Review: Cat Power at Gothic Theatre, 11/23/13
It was somewhere around an hour between the end of opener Nico Turner's set and the beginning of the Cat Power set. By the time Chan Marshall took the stage, some people seemed to be getting restless. Marshall more than made up for any kind of delay, though, with a generous selection of songs and a solid, charming, powerful delivery from the beginning. Even her covers, in which she altered to suit her imagination -- particularly on songs like "(I Can't Get No) Satisfaction," where she changed the words slightly to fit in with her particular cadence and style -- were compelling and she effectively made them her own. Unless you knew it was a Stones song, it was not easy at all to tell.
The first part of the set featured Marshall playing what looked like a Danelectro guitar with a Les Paul style body. At times, her tones had a burnished melancholy vibe to them suggesting loneliness and spaciousness. In others, the sounds were sparkly and even spiky like some old blues guitar feel to it. Once Marshall got comfortable, she joked with the crowd, but even before then, she was effusive in thanking folks for coming out and supporting her music.
It was a bit like a kid discovering it was okay to be doing this thing that's scary but completely normal and then testing the waters to see what the parameters of the evening might be. But people were pretty enthusiastic, so Marshall had nothing to worry about there. Before one of the songs, she seemed to be getting increasingly more comfortable, joking, "I love all you intelligent ass people. Your asses are intelligent." But then, as she sat at the piano for the next part of her show, she seemed more self-conscious and kept asking us if we were mad at her. If for whatever reason anyone did happen to be mad, they were certainly in the minority and handily drowned out by the vast majority of people who were most definitely not upset.
There was also more than a bit of Marshall's idiosyncratic sense of humor throughout the set. In the middle of one song, Marshall clicked the two microphones together and said, "I just made them touch four times." After that song, someone yelled loudly that Marshall was pretty. She just smiled and said, "I'm old. I'm happily old," before clarifying that she's middle aged.
On this night, Marshall's overall presentation was charmingly off-the-cuff. When she sang, she had a powerful expressiveness in her phrasing, and her smoky voice exuded confidence in the feeling behind her words. When she spoke, though, it was more like playful sketches of thought and thinking out loud among a group of friends, which it seemed to endear her to a lot of people in attendance.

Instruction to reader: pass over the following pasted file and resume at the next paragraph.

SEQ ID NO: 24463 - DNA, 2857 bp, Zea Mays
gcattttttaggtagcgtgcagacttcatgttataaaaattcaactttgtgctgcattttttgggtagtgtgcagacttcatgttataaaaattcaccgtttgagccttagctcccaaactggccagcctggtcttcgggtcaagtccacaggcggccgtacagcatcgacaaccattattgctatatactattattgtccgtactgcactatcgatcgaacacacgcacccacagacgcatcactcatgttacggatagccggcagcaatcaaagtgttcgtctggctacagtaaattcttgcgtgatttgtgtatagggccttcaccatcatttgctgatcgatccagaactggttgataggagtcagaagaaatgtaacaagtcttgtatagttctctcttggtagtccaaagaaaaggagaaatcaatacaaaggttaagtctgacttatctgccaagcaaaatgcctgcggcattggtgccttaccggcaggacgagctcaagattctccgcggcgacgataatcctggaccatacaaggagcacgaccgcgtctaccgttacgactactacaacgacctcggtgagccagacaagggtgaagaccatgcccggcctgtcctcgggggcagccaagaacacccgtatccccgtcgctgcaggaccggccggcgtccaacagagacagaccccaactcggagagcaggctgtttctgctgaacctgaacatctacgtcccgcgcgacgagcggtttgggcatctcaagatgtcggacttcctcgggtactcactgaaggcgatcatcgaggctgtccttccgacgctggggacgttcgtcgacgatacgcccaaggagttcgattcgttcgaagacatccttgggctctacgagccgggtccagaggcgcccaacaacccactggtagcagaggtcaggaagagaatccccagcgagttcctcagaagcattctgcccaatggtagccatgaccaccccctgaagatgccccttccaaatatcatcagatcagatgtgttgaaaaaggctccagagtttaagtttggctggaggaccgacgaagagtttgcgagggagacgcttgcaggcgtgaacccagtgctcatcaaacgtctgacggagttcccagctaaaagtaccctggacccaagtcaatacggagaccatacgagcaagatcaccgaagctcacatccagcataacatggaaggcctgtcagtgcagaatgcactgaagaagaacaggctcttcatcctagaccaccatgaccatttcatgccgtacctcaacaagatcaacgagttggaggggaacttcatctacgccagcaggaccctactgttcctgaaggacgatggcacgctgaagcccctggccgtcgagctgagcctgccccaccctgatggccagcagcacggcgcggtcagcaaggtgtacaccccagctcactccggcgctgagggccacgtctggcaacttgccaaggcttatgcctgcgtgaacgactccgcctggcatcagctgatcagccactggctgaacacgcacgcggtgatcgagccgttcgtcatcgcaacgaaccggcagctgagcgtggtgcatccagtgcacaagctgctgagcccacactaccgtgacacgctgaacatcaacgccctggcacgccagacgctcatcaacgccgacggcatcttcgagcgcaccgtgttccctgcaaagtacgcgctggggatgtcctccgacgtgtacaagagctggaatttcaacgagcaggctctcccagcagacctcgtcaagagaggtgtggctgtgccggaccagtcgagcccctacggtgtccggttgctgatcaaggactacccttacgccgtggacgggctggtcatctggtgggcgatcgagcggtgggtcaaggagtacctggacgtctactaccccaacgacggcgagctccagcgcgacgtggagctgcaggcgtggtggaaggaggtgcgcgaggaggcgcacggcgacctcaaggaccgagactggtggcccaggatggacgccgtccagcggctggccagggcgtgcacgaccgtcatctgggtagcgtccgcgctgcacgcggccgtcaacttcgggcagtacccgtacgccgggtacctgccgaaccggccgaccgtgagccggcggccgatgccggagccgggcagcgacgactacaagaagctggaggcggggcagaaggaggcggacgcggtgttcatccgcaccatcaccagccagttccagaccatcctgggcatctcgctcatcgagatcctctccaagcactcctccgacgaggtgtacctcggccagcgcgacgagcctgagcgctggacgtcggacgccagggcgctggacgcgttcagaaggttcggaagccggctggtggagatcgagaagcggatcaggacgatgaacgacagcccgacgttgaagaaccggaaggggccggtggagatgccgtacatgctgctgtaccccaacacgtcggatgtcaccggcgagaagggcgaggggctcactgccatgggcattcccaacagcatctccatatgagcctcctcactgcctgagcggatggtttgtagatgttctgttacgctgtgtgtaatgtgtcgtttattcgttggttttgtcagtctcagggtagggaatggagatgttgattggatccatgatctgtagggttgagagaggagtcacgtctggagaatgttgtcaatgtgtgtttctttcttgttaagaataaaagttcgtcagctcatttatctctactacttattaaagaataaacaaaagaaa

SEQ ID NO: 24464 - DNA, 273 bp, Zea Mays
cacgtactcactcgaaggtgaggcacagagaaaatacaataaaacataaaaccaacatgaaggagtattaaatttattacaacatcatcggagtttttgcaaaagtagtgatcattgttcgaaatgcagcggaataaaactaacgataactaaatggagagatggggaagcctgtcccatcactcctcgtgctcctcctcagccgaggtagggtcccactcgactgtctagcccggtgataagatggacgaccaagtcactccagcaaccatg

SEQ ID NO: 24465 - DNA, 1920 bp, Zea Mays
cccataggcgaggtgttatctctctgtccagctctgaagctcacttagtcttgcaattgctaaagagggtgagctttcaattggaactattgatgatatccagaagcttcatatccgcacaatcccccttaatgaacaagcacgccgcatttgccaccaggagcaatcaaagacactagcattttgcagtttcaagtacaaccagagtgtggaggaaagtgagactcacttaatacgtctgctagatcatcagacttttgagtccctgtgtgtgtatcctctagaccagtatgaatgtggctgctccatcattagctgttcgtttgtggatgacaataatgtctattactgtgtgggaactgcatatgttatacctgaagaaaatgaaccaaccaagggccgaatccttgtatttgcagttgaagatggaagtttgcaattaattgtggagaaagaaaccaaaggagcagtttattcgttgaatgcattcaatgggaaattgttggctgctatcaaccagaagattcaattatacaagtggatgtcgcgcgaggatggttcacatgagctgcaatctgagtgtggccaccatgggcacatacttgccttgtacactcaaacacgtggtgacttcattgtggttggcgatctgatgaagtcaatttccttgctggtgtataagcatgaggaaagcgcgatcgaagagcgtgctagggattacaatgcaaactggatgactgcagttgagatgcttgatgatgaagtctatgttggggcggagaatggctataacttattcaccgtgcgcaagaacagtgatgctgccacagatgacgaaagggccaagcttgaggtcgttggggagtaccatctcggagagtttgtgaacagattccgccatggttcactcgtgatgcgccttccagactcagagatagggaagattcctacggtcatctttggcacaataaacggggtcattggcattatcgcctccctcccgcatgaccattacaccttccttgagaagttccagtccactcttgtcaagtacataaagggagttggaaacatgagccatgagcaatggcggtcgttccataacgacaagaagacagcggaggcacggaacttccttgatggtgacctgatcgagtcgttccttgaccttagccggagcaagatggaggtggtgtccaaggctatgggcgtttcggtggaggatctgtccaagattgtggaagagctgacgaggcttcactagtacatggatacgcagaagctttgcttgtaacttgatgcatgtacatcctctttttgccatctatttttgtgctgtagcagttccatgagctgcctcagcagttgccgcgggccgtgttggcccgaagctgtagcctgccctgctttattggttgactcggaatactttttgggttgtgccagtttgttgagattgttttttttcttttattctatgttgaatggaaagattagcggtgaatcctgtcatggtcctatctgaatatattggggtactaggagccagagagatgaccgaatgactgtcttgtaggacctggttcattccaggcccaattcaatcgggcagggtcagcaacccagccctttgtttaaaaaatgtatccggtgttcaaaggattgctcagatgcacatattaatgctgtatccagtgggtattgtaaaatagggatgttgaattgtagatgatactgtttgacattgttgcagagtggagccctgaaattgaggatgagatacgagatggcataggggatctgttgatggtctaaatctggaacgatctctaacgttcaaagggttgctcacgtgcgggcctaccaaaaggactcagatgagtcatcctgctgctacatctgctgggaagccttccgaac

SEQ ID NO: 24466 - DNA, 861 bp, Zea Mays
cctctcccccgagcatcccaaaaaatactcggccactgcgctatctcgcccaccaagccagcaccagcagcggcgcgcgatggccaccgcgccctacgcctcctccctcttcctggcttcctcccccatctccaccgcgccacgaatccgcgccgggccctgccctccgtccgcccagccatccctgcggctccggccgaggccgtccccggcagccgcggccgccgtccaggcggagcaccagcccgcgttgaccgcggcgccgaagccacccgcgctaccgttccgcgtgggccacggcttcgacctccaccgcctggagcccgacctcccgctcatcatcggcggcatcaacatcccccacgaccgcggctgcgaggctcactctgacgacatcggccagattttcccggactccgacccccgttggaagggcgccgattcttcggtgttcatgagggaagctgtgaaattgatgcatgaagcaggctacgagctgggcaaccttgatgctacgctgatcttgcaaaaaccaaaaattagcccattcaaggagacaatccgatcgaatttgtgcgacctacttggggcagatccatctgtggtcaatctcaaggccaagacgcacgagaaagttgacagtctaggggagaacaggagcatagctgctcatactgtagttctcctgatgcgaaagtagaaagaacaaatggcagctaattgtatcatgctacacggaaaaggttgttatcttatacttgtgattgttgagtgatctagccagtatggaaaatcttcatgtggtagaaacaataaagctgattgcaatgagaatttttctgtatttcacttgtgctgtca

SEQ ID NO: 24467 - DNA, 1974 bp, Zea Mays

The last time Marshall was in town, she had been playing with a full band using all manner of instrumentation. Here, she played by herself. It takes guts to get up in front of a lot of people, just be you with your voice, playing one instrument and tapping out your own rhythm as you play and keeping it together, with only a handful of real mistakes. There were mistakes here, but Marshall briefly acknowledged them to herself, and they did not derail the show.
In the end, the flubs were just an interesting detail in a show from an artist that isn't afraid of her flaws or making mistakes -- not anymore, at least, and not to the point of breakdown and mental paralysis. She just admitted it for a split second and moved. Closing her set, Marshall bowed and graciously accepted some small gifts from people in the audience before meekly making her way off stage.
Earlier in the evening, Nico Turner turned in a set filled with whispery vocals that had a calm coolness that provided a great contrast to her dissonant guitar work. In terms of attitude and non-standard rock music songwriting, the set and the music recalled Mecca Normal in a less abstract and punk rock mood. It wasn't atonal, necessarily, it just wasn't conventionally melodic, and it was more atmospheric and textured in a way that many people probably weren't used to hearing from a lone woman with an electric guitar.
Personal Bias: I love artists who can speak honestly and poetically about being uncomfortable and dealing with their unreconciled and complex emotional states without putting on some phony pose to cover up the reality of all of that. Chan Marshall is a master of writing songs in that vein.
Random Detail: Ran into former Time For a Haircut bassist Noah Winningham at the show.
By the Way: It sounded like Marshall said she'd be recording something new in the first part of the new year.
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